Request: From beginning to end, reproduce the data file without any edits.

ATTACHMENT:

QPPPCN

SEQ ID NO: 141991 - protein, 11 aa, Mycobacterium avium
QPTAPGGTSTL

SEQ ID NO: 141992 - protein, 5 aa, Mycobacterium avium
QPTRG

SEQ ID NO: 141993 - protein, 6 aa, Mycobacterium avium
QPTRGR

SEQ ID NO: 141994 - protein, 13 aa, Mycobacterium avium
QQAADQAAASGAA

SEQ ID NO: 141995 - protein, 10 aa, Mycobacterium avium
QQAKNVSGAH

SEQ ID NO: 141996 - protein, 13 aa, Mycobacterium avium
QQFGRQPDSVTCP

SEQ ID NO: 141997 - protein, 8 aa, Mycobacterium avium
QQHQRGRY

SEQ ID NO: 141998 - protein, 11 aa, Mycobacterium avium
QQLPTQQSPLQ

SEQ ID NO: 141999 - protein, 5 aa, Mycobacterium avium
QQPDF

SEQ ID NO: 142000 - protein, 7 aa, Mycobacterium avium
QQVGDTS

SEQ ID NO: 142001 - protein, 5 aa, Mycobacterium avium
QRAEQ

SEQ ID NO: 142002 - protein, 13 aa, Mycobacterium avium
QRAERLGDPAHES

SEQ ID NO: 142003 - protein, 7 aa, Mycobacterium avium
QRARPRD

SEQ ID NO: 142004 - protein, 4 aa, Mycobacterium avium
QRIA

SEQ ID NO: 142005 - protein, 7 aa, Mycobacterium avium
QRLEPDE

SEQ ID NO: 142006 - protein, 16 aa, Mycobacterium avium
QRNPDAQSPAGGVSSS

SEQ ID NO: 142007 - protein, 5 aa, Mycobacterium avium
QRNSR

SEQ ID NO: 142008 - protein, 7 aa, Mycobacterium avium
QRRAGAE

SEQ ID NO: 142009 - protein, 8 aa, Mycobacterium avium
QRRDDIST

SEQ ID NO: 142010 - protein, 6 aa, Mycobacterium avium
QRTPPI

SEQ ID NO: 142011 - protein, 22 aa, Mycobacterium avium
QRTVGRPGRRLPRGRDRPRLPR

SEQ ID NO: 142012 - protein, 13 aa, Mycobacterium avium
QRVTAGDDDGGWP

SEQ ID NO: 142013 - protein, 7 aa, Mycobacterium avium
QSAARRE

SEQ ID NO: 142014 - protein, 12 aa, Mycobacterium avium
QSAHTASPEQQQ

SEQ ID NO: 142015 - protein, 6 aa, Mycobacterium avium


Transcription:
QPPPCN

SEQ ID NO: 141991 - protein, 11 aa, Mycobacterium avium
QPTAPGGTSTL

SEQ ID NO: 141992 - protein, 5 aa, Mycobacterium avium
QPTRG

SEQ ID NO: 141993 - protein, 6 aa, Mycobacterium avium
QPTRGR

SEQ ID NO: 141994 - protein, 13 aa, Mycobacterium avium
QQAADQAAASGAA

SEQ ID NO: 141995 - protein, 10 aa, Mycobacterium avium
QQAKNVSGAH

SEQ ID NO: 141996 - protein, 13 aa, Mycobacterium avium
QQFGRQPDSVTCP

SEQ ID NO: 141997 - protein, 8 aa, Mycobacterium avium
QQHQRGRY

SEQ ID NO: 141998 - protein, 11 aa, Mycobacterium avium
QQLPTQQSPLQ

SEQ ID NO: 141999 - protein, 5 aa, Mycobacterium avium
QQPDF

SEQ ID NO: 142000 - protein, 7 aa, Mycobacterium avium
QQVGDTS

SEQ ID NO: 142001 - protein, 5 aa, Mycobacterium avium
QRAEQ

SEQ ID NO: 142002 - protein, 13 aa, Mycobacterium avium
QRAERLGDPAHES

SEQ ID NO: 142003 - protein, 7 aa, Mycobacterium avium
QRARPRD

SEQ ID NO: 142004 - protein, 4 aa, Mycobacterium avium
QRIA

SEQ ID NO: 142005 - protein, 7 aa, Mycobacterium avium
QRLEPDE

SEQ ID NO: 142006 - protein, 16 aa, Mycobacterium avium
QRNPDAQSPAGGVSSS

SEQ ID NO: 142007 - protein, 5 aa, Mycobacterium avium
QRNSR

SEQ ID NO: 142008 - protein, 7 aa, Mycobacterium avium
QRRAGAE

SEQ ID NO: 142009 - protein, 8 aa, Mycobacterium avium
QRRDDIST

SEQ ID NO: 142010 - protein, 6 aa, Mycobacterium avium
QRTPPI

SEQ ID NO: 142011 - protein, 22 aa, Mycobacterium avium
QRTVGRPGRRLPRGRDRPRLPR

SEQ ID NO: 142012 - protein, 13 aa, Mycobacterium avium
QRVTAGDDDGGWP

SEQ ID NO: 142013 - protein, 7 aa, Mycobacterium avium
QSAARRE

SEQ ID NO: 142014 - protein, 12 aa, Mycobacterium avium
QSAHTASPEQQQ

SEQ ID NO: 142015 - protein, 6 aa, Mycobacterium avium